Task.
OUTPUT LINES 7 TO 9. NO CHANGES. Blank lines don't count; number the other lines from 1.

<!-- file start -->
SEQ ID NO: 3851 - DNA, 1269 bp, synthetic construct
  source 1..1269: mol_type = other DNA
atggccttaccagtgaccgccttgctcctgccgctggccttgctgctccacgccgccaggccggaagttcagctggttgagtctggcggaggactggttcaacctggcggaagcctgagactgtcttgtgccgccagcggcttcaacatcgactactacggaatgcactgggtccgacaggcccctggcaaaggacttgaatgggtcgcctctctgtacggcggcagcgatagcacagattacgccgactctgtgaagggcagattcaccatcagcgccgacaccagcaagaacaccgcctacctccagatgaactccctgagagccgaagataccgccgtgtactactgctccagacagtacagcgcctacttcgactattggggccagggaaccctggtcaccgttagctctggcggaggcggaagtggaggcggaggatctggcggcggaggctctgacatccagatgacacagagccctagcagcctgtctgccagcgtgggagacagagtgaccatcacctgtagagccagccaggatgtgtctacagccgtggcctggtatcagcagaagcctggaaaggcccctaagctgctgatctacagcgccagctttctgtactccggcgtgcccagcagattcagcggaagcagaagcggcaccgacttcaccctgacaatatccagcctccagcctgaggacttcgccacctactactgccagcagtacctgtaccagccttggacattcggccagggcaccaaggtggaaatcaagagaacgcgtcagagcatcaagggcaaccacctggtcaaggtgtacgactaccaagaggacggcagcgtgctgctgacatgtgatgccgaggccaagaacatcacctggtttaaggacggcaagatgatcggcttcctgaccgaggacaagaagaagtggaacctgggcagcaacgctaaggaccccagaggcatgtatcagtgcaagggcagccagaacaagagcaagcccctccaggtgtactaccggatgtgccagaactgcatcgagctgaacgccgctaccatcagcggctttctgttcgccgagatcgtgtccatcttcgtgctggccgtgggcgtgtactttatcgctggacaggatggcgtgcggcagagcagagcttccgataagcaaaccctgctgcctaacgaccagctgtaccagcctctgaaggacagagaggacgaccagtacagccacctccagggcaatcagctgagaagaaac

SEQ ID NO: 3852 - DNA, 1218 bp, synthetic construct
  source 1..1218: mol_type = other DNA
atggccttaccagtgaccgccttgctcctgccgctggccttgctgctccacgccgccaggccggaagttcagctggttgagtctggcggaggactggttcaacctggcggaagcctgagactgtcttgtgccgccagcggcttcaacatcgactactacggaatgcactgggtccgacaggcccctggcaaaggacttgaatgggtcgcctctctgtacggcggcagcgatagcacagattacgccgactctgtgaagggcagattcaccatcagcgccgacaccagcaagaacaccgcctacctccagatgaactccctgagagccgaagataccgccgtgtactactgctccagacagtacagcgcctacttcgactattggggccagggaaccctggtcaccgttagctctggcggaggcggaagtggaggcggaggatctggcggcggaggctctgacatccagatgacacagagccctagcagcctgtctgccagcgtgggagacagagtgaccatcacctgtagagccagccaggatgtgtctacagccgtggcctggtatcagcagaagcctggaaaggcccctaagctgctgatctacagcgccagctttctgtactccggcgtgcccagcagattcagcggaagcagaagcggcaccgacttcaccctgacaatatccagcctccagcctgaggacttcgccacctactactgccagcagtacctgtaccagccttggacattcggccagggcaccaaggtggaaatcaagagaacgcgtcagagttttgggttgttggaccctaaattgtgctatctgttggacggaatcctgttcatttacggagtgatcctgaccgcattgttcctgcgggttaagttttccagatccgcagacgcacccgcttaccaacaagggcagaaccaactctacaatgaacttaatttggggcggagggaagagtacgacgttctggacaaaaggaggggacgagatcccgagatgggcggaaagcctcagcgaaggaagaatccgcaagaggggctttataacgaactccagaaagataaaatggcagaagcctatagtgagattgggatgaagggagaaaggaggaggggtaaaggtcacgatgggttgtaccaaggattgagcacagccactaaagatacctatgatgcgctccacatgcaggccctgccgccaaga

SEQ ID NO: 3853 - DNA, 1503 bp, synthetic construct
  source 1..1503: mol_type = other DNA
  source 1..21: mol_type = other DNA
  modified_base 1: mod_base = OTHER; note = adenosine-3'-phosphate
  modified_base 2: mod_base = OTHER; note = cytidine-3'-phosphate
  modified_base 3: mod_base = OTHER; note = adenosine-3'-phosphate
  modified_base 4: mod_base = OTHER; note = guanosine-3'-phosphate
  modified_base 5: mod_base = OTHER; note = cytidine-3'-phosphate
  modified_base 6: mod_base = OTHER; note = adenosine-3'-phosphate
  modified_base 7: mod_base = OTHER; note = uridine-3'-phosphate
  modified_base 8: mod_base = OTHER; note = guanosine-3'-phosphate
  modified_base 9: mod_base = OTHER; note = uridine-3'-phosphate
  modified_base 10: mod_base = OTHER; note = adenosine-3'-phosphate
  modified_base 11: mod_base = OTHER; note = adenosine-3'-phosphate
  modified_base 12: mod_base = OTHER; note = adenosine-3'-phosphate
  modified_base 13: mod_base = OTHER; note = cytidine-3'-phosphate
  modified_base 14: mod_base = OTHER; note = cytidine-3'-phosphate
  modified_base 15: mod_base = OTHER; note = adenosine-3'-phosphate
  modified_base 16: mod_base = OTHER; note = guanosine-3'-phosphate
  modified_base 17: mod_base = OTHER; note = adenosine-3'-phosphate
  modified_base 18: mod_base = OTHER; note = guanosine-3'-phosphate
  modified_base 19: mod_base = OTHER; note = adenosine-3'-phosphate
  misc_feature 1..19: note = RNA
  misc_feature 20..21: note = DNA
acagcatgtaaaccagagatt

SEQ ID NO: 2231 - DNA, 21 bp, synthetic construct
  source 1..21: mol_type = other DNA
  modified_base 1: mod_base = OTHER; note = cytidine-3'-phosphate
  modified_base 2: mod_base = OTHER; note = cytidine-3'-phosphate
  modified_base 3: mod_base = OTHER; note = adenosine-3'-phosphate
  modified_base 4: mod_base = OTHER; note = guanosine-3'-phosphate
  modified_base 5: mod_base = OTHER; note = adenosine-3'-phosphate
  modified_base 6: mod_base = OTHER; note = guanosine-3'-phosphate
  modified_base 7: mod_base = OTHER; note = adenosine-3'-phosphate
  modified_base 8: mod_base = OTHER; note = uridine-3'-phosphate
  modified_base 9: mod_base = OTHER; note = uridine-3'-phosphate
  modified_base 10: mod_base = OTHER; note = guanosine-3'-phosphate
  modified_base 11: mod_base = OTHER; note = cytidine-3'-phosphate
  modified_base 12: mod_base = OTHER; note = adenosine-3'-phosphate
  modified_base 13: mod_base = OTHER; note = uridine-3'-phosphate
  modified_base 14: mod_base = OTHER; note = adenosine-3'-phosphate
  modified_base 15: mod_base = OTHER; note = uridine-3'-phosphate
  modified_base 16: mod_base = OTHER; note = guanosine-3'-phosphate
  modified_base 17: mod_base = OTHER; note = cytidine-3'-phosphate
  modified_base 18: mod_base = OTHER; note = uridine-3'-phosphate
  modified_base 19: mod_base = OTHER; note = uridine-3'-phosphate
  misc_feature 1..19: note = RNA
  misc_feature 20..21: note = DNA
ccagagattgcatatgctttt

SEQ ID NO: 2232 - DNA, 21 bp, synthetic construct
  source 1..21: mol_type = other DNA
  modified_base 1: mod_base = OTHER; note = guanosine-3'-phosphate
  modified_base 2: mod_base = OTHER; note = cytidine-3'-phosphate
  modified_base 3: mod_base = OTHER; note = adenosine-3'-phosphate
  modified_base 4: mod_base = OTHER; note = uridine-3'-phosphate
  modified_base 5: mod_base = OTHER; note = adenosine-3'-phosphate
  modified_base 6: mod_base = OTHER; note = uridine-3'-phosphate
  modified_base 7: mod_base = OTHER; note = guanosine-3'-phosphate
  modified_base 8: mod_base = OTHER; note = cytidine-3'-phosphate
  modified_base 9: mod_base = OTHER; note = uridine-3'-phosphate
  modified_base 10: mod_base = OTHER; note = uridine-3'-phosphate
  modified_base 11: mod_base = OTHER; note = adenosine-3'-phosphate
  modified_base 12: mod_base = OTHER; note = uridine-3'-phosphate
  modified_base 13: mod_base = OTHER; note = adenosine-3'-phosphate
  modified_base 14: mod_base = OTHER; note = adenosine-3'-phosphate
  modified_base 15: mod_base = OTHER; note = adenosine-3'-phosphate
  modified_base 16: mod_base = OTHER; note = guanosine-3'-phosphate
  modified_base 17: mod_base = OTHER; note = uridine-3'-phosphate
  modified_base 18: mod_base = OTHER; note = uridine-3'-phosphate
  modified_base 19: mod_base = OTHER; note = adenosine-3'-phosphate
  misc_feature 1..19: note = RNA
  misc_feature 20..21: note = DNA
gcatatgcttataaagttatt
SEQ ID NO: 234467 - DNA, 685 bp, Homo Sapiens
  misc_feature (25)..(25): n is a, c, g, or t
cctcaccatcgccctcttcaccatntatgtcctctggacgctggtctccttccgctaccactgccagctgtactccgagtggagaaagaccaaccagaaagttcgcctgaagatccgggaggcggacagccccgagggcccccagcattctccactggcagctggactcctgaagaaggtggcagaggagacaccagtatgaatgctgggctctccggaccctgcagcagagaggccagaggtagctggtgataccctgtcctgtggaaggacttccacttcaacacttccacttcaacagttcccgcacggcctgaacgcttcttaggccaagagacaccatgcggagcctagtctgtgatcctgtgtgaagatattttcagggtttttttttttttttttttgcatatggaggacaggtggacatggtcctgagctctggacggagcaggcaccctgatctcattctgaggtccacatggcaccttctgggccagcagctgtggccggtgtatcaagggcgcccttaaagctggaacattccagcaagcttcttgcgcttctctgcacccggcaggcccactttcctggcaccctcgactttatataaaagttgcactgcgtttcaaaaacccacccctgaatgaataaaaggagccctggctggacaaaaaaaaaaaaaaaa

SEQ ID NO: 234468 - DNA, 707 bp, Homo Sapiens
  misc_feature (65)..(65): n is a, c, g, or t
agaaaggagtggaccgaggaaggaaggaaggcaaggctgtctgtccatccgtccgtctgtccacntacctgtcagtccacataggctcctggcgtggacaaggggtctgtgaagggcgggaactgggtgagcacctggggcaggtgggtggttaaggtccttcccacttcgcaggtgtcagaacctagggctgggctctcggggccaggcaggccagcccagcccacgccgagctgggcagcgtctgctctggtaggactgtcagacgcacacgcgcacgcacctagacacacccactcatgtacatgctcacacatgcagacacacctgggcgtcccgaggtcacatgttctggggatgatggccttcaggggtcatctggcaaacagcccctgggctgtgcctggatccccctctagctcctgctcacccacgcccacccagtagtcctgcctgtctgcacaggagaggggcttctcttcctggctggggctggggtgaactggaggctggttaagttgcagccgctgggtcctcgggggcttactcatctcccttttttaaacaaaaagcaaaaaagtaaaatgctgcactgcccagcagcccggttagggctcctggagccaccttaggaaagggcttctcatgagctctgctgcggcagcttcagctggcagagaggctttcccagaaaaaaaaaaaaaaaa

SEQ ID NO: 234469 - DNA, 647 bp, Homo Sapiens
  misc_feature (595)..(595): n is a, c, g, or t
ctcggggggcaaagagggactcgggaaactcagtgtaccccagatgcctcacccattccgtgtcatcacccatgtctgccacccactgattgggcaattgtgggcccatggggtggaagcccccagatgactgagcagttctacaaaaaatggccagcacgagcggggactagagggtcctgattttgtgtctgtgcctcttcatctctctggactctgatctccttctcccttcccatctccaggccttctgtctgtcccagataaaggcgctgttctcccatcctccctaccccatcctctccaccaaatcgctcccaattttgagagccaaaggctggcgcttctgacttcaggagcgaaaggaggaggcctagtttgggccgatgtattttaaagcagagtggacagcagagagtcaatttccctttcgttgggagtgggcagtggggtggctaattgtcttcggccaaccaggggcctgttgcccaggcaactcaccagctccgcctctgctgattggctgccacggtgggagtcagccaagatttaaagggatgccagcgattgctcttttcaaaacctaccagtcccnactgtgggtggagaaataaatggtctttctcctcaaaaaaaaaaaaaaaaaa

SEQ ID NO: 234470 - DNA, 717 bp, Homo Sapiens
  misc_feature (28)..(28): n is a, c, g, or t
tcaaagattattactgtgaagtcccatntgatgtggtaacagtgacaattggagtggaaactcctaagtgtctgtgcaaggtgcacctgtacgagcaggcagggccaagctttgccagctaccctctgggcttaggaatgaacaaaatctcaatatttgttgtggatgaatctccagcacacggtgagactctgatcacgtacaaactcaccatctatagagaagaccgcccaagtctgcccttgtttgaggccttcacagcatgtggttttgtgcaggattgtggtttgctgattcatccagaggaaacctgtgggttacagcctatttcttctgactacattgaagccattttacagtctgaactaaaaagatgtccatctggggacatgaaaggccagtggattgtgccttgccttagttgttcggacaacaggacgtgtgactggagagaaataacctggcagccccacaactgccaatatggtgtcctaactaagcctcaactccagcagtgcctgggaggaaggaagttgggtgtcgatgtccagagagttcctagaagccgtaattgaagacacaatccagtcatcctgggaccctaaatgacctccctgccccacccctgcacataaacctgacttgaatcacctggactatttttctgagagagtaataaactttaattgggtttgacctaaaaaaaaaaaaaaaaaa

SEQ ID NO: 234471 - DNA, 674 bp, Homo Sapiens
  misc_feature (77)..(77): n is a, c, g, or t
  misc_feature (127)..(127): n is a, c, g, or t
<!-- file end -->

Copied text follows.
SEQ ID NO: 3853 - DNA, 1503 bp, synthetic construct
  source 1..1503: mol_type = other DNA
  source 1..21: mol_type = other DNA